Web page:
Jay Leonhart had long been a first-call bassist in New York City by the time of these 1983 sessions, his first as a leader. But Leonhart has often been inspired to write songs as a result of chance encounters with famous people, in honor of other individuals, or simply to tell a story or recall part of his own life. Half of the fun is guessing whether or not the events in his lyrics ever took place. The bassist has a pleasant though not overly powerful voice, and he is well accompanied by pianist Mike Renzi on these 17 originals. The dry wit of "Robert Frost" discusses the difficulty of writing in a hectic urban atmosphere, though "Let the Flower Grow" is a bit of a throwaway, more fitting as a folk song. "Chanticler" is an odd song describing a fascination with a stripper back in the 1950s. But the most memorable piece is "Uncle Jim," a touching portrait of the black sheep of his family. For some, a full CD of Jay Leonhart performing his own songs will be a bit too much, but his quirky humor and ability to tell a story are never in doubt.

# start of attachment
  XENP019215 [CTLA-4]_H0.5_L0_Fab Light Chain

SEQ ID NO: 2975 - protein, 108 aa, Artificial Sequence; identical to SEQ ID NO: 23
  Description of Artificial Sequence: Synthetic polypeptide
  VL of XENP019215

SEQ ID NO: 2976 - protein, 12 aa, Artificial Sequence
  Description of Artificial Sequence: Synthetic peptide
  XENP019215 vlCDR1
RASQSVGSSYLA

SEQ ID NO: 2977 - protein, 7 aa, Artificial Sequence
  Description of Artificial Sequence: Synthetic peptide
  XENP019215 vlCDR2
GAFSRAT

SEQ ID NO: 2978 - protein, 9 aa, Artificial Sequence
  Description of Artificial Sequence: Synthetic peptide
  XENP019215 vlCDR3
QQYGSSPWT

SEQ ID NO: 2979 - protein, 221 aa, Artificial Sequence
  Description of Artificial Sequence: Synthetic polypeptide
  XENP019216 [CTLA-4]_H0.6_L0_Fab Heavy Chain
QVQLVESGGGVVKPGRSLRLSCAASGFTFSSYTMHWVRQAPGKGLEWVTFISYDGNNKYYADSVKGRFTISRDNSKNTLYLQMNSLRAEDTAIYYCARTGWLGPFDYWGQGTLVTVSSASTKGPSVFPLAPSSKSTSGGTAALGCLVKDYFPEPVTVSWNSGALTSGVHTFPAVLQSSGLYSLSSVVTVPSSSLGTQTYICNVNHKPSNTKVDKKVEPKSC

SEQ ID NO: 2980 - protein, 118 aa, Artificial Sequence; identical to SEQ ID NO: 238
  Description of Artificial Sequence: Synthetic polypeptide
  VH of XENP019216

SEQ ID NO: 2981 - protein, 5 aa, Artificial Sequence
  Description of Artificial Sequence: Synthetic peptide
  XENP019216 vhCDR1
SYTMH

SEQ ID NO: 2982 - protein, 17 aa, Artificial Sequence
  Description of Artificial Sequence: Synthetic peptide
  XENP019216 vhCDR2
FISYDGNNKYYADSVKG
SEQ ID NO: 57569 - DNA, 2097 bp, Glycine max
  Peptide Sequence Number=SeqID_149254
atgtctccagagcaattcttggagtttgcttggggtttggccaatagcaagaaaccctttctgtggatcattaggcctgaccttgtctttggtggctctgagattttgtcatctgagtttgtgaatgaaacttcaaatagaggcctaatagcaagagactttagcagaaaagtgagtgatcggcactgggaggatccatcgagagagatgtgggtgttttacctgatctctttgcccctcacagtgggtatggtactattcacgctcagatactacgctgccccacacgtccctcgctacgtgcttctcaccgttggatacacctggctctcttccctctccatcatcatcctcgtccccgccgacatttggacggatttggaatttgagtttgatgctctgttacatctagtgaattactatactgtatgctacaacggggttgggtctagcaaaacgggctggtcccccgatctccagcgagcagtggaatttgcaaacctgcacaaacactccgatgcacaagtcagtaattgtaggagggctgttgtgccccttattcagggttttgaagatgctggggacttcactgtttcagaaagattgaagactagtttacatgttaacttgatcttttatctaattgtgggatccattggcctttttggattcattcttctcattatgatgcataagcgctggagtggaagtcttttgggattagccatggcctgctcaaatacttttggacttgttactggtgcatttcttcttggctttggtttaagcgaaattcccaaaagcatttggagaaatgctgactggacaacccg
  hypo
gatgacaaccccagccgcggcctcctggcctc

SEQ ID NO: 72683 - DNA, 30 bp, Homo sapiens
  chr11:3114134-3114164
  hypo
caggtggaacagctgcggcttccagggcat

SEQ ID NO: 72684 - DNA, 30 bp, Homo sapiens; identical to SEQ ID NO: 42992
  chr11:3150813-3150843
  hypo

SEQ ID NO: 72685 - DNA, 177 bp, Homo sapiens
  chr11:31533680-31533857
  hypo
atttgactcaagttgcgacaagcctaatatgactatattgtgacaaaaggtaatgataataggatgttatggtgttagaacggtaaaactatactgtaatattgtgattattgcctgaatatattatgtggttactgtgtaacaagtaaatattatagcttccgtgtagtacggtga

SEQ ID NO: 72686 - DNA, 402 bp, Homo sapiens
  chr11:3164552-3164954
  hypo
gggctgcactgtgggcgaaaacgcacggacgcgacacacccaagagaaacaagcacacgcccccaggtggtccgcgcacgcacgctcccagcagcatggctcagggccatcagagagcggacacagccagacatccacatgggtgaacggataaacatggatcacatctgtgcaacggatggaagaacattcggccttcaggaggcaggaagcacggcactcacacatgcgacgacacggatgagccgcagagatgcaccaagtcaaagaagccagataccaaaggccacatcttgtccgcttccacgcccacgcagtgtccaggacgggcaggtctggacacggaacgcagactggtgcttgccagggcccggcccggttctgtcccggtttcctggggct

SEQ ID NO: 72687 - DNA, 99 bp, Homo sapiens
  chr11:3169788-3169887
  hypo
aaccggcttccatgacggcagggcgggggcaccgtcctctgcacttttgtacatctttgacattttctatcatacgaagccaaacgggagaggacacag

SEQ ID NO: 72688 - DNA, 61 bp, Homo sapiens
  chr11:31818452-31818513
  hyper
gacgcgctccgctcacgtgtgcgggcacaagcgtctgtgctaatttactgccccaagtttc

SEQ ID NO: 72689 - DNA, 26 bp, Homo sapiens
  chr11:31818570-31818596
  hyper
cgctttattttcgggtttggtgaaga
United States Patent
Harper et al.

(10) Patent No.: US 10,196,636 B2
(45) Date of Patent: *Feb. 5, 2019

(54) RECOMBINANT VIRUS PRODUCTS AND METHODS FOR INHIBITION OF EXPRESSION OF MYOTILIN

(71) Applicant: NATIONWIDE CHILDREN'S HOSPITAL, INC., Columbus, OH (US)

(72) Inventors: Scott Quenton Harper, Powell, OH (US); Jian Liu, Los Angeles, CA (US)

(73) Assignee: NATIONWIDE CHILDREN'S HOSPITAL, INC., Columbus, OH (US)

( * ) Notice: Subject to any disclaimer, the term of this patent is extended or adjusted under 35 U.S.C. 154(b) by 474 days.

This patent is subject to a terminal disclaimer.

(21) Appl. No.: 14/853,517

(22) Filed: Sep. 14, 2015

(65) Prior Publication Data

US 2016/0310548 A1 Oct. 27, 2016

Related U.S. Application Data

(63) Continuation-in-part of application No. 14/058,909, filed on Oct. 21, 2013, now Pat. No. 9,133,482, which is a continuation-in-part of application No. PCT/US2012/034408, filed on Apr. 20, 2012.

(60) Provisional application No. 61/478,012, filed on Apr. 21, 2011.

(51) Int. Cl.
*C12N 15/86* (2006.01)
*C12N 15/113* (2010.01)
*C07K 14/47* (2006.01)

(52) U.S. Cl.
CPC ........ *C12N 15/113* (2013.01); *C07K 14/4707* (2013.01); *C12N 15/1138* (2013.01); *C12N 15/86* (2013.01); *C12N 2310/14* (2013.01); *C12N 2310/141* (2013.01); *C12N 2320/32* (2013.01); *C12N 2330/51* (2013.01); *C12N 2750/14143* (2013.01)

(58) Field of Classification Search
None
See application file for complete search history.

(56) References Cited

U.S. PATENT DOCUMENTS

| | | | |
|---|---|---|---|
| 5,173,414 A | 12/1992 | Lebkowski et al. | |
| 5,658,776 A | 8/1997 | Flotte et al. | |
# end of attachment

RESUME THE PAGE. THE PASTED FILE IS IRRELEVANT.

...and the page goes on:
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AllMusic Review by Ken Dryden